Good morning butterfly. My early morning walks beg contemplation. They are free of distraction and I beome lost in surroundings which have come to expect both my dog and I. My steps follow a daily and familiar route which follows a lazy and tranquil river. I begin with sunrise at my back and the changing season cold upon my face. When I make my turn I am into the sun and her extraordinary revelation exposes the day before my step. The river hugs three miles of luxurious parks and each morning the canadian geese provide an orchestrated accompanyment to the trek of early pilgrims. At an altitude of 3800 feet we feed from a fall more Winter than Summer in early morning and we here, have grown all too accustomed to the long visit of Winter. The first snows will come on the wings of beauty and we will yeild to her initial seduction. It will not take long however, before we learn that her beauty is skin deep and her true character steals all the color from my morning. Like watching movies in vivid color and then settling for black and white. I will call the cable company and they will tell me once again, we can not correct the problem untill spring.

      Your praise adds color to my garden this morning and I shall pick a flower to take along my walk. It will remind me of butterflies and warm my face with smile before I make my turn into the sun.

    • phdast7 profile image

      Theresa Ast 5 years ago from Atlanta, Georgia

      Alan -- I think this is my favorite line, "The tree’s flowing, green, shimmering and tattered dress, cascades, piece by piece to ground and grave." I like the words and the meaning, but the syllables and sounds please me as well. :) As you said in your post, so many autumnal poems...well it is time and many of us have been waiting (at least in the south) with great stoicism for the first morning chill to arrive. Your poem is both stark and lovely to me at the same time. ~~ Theresa

    • Mhatter99 profile image

      Martin Kloess 5 years ago from San Francisco

      Excellent! Summer was always Arlene and my best season, hence you will understand te chord strings this poem might pull. Thank you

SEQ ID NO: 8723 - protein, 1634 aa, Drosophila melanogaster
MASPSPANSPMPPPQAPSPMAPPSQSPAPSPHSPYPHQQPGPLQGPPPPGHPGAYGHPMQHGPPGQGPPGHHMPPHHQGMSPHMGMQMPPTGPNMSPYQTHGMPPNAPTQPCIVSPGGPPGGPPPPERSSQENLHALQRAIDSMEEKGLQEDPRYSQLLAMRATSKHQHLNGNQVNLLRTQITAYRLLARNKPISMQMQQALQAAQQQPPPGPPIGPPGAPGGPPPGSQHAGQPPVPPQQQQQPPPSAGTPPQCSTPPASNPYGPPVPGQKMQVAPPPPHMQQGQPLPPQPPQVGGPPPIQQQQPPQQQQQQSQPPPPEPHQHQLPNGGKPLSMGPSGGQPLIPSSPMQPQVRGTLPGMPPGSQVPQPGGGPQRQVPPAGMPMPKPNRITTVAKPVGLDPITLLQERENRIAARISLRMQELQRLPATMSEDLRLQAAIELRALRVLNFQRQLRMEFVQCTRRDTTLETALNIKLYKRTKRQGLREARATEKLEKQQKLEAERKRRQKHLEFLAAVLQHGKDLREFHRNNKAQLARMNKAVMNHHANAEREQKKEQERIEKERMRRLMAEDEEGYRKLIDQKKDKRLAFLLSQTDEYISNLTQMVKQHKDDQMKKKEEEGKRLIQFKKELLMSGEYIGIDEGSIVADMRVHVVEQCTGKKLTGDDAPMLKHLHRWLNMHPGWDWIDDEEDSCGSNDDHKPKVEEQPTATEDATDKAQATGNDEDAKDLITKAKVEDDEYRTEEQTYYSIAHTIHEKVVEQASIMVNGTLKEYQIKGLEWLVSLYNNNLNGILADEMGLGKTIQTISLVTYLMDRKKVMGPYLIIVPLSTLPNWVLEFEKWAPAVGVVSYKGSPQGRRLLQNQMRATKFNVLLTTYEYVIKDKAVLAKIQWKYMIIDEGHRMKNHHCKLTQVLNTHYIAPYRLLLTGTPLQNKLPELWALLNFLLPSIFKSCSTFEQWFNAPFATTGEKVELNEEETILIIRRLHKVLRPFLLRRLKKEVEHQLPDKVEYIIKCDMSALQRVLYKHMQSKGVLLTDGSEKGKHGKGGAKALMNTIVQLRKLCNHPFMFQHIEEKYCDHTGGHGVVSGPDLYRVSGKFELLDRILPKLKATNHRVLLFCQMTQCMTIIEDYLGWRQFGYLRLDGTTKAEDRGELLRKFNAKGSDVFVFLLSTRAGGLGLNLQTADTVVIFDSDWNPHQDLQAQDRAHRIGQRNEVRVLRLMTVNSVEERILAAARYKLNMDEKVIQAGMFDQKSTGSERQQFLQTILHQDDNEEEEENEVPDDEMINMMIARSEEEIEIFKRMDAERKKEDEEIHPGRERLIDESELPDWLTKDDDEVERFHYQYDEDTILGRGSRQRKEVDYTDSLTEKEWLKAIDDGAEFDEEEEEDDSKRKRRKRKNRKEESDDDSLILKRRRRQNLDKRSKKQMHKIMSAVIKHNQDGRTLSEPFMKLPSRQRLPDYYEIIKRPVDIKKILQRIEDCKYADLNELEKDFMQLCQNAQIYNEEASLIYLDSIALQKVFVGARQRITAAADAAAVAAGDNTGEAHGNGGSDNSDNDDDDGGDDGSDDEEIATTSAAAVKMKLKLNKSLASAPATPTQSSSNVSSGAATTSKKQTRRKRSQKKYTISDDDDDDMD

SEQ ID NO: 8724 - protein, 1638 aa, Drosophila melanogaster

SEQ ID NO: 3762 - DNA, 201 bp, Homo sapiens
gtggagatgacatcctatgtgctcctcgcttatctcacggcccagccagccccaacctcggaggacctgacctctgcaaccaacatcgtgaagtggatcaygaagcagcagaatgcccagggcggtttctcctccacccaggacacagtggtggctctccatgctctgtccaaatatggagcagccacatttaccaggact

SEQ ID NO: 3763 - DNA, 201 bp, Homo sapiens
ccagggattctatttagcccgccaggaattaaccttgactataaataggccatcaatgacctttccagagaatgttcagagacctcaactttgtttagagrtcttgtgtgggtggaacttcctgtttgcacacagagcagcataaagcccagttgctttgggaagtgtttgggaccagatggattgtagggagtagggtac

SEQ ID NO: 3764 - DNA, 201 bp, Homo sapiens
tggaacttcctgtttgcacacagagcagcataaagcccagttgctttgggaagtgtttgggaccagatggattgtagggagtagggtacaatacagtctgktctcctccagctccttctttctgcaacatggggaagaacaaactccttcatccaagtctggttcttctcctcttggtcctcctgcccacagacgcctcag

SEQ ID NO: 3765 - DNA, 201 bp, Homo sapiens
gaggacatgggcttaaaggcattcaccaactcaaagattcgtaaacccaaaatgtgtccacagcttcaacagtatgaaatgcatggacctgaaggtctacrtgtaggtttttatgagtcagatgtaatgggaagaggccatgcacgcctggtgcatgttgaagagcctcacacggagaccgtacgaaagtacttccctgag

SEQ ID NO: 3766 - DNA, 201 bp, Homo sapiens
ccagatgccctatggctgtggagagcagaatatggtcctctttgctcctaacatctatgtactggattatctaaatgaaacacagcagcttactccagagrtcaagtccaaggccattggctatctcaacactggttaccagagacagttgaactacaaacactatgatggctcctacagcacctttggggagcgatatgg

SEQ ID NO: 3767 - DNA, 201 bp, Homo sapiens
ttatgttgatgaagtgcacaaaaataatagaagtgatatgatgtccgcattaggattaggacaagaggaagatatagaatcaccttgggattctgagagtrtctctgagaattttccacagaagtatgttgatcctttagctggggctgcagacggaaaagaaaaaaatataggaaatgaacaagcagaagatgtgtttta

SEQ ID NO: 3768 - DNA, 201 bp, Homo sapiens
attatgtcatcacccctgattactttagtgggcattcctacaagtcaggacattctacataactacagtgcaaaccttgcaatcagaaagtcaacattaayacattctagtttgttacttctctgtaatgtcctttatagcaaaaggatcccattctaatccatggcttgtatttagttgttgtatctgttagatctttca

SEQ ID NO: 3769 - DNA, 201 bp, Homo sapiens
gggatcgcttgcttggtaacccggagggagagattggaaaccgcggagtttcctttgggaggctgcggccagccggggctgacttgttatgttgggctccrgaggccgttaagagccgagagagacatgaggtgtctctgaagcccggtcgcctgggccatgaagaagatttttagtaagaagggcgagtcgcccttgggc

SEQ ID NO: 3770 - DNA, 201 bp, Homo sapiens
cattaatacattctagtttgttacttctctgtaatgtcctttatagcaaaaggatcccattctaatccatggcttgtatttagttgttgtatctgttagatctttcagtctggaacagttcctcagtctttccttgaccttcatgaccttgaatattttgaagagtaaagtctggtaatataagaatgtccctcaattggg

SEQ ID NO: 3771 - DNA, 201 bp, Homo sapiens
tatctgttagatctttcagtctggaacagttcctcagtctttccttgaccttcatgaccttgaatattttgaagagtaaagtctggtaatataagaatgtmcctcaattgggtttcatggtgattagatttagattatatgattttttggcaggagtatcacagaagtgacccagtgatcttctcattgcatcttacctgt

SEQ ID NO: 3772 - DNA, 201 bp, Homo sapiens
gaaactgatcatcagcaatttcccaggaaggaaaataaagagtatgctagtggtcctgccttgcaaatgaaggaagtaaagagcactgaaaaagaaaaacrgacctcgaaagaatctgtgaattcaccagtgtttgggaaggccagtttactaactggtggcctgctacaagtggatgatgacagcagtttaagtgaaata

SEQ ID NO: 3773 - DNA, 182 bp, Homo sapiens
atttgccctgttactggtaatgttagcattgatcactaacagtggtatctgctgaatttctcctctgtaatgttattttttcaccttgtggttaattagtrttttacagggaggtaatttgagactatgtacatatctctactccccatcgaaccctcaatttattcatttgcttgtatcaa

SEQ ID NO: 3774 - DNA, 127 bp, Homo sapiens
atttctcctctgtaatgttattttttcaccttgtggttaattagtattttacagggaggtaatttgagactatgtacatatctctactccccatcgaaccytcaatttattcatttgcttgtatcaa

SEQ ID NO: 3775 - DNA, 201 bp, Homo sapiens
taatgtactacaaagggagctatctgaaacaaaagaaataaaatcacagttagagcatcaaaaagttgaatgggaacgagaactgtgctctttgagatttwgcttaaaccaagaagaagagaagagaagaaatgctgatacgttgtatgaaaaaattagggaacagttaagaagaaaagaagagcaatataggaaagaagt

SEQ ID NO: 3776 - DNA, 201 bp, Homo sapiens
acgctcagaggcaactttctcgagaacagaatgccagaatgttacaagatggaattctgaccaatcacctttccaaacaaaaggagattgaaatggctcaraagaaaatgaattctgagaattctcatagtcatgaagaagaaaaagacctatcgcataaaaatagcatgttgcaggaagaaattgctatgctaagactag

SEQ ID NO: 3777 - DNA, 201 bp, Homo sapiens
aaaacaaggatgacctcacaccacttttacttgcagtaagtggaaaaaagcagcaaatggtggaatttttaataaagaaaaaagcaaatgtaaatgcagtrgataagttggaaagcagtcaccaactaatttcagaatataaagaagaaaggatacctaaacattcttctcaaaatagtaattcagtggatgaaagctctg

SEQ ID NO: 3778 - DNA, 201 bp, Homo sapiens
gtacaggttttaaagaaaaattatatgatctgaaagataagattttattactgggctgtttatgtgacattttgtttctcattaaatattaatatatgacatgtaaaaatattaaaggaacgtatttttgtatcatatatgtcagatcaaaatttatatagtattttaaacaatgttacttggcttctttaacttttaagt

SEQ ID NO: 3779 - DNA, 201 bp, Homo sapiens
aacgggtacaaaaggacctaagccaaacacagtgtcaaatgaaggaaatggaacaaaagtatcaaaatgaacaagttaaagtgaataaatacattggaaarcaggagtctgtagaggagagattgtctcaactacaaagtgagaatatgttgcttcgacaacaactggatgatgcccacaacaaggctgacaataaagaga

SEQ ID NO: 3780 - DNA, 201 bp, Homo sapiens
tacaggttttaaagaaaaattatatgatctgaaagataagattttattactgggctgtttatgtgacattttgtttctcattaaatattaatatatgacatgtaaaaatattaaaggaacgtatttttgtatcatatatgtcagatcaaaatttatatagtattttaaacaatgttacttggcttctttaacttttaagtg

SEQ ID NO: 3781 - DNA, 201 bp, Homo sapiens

• Nellieanna profile image

      Nellieanna Hay 5 years ago from TEXAS

      "The air exhales a morning chill, its icy breath languishing upon morning’s virgin grass. . . ."

      Was there ever a more beautiful line ?? I think not.

      You show nature's rapacious appetite!

    • Nellieanna profile image

      Nellieanna Hay 5 years ago from TEXAS

      Oh, Alan. I'm without adequate words for the mixed feelings it's aroused.

      The title should have warned me, but the splendid photo (or is it a painting?) led me on into thinking it was to be in that bright, colorful mood, but the picture belied the underlying sense of magnificent gloom in your haunting description of the progress of the seasons. Your words flirt like the leaves with the color, but lose little time in getting to the dying.

      Your poetry is incredible for expressing it with the gestation and anticipation, the birth, all-too-brief life, fading and lingering death portraying by the seasons' movements year after year. - Your words are like a satellite view of what's happening below on Earth. I'm seeing the scenes through your eyes so clearly, making me more aware of basic difference in outlook perspectives afforded by our different locations! Our average first frost date here is Nov. 25th, just in time for Thanksgiving and bringing a welcome change! Our average last frost is March 3rd, after perhaps a snow or two lasting from a day to a couple of weeks during our 3-month 'winter' with its slight inconveniences. Meanwhile, you're already experiencing light frost! Your season's duration will be nearly double ours. Wow.